Paying Off Debt

by Krista Davis on April 23, 2012

How many of you know your true debt amount, not just an estimate? I know for the longest time my husband and I didn’t. We just made estimates and paid our minimum payments, not thinking about how interest adds to our total debt. When we finally sat down and looked at all of our statements: credit cards, vehicle loans, RV loan, and student loans, we were astounded to realize we had $115,805 in debt and 18% of that was credit cards that accumulate high interest. We own an RV, instead of land and a home due to work needs; this and my student loans are 26% each of our total debt. In addition both our vehicles are around 15% of our debt. By having these figures on paper we were able to see what our money was going toward and what steps to take in paying off our total debt.

The first step towards paying off debt is to quit using credit cards. Credit cards have a higher interest rate than your typical loan does, with the national average at 15%, and the cards I was using at 20% ( Like my husband and I use to, many families use their credit cards to pay for food, gas, clothes, and entertainment, instead of using cash, checks, or debit cards on these small purchases. Most items purchased with a typical credit card have no real monetary value. What is the point of buying a $30 shirt and have 20% interest added to it? That is paying the credit card provider $6 for allowing you to use their money to buy a shirt you could have easily paid cash for, or if you don’t have the cash not purchased. That $6 is only if you pay the balance off the first month. If you pay the minimum $10 payment on that one purchase for 3 months you will end up paying an additional $18.  Stopping the use of credit cards reduces the amount of debt accumulated.

As alluded to above, the second step to becoming debt free is to pay over the minimum payment. Sit down with your family and calculate a budget. If money is tight I would suggest working on your smallest debt first. Put your extra money towards that bill, so you can reach one goal quicker. Then once that debt is paid off don’t start adding more to it, use the full amount you paid towards that bill and add that to your payment of the second smallest debt. Continue this pattern until all debts are paid. For example my husband and I paid $570 on all debts each month; we quickly paid off two of our credit cards, then combined those two $570 payments with the $570 payment of our last credit card, making $1,710 payment per month. This allowed the same money to be budgeted but redistributed appropriately, reaching a total debt pay off quicker.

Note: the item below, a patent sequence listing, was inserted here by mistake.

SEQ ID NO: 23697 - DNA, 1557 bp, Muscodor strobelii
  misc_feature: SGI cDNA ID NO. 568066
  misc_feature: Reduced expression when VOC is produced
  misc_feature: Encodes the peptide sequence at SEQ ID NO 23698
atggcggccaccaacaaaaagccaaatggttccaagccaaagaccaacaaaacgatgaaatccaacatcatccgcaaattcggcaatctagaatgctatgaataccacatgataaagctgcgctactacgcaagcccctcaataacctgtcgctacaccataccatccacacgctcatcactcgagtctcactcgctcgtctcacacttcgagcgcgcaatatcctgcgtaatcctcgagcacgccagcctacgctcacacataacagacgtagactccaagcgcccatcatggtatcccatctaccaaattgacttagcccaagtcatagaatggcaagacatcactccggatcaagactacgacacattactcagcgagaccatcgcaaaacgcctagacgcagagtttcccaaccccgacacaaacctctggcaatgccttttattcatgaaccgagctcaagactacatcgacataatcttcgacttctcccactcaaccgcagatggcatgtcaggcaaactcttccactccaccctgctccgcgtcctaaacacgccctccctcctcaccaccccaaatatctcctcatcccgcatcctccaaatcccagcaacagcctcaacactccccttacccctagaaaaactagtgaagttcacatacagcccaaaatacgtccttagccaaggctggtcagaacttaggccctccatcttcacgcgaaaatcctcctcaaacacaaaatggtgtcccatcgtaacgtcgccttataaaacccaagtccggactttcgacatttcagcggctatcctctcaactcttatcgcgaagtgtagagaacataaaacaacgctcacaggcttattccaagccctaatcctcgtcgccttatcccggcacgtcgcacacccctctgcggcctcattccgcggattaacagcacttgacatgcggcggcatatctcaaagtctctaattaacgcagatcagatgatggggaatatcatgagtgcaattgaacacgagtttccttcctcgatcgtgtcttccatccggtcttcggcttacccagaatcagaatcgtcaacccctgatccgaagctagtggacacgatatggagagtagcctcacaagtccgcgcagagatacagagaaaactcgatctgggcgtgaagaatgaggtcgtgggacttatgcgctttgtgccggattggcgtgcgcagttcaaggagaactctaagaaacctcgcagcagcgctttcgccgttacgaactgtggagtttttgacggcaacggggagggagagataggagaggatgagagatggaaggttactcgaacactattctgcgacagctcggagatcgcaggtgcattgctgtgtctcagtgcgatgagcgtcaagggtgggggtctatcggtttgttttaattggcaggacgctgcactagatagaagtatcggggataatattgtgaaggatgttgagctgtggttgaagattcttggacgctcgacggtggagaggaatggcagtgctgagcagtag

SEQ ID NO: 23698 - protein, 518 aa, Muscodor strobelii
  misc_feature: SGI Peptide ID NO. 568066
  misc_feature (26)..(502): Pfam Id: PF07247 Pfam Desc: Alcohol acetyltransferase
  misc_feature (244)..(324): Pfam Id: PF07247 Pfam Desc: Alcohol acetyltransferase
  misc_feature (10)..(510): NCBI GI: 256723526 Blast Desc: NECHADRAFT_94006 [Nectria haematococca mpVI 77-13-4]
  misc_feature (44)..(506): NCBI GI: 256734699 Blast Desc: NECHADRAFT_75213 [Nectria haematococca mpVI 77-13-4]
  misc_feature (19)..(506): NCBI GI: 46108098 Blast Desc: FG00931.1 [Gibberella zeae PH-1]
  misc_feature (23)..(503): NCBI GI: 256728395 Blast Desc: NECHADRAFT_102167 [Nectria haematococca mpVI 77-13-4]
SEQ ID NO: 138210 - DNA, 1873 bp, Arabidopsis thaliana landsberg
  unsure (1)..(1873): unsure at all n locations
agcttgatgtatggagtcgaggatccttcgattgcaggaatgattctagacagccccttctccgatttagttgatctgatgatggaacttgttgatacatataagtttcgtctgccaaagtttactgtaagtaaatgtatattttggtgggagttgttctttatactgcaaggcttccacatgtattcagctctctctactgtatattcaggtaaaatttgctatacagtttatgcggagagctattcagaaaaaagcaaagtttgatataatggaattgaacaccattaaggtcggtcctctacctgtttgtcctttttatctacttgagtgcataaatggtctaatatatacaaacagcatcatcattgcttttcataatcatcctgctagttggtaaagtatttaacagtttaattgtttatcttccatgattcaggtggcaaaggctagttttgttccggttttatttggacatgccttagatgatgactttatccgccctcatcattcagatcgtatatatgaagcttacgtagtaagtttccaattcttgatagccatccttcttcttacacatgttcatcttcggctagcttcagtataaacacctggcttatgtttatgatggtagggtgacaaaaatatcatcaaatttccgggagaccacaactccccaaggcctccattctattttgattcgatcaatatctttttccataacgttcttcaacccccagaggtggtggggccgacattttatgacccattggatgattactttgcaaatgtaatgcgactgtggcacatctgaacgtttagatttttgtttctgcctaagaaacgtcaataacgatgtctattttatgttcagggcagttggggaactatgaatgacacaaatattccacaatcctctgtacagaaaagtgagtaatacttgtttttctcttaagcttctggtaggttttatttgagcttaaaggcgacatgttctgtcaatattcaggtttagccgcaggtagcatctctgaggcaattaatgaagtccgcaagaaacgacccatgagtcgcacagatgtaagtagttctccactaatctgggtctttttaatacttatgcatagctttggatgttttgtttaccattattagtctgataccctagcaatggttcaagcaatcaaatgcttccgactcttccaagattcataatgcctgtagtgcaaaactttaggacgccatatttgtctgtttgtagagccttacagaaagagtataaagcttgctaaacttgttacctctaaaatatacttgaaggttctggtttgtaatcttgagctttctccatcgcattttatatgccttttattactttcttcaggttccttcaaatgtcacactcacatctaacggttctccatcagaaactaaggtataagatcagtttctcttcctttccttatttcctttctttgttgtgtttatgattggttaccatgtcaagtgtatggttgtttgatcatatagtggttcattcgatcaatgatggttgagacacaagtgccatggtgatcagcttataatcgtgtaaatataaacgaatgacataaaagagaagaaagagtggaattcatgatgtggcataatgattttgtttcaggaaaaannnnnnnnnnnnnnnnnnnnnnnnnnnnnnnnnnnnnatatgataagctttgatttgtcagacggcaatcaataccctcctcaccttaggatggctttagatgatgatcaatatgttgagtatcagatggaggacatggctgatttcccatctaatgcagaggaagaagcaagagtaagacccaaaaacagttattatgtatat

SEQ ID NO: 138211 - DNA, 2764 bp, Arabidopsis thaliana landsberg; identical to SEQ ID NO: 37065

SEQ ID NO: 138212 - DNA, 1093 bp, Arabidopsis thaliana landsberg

Another way to pay off debt faster is to put your extra money towards your principle payment on loans. You will make your minimum balance, which typically goes towards interest in the beginning, then whatever extra money you are paying you will allocate towards the principle. Unlike with credit cards extra payments on loans can be directed towards the principle instead of whatever the company feels like. This actually reduces the amount of interest you will pay overall. You will need to contact your lender and find out how they handle principle payments. There are different rules for this, some loan companies make you sign up to have your extra payments put towards principle, otherwise it goes towards interest; others require a separate check to a different address. Don’t be afraid to ask questions and for assistance when it comes to paying off your debt.

Paying off debt doesn’t have to be difficult. Follow the three tips described and stick to your rules. You can take charge of your money and have a debt free life; at least until your next large purchase.

Next Financial Tip: Paying with Cash and Saving Money

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Written by Krista Davis

Krista Davis

Krista is a self-proclaimed “health nut” and eco-friendly enthusiast.

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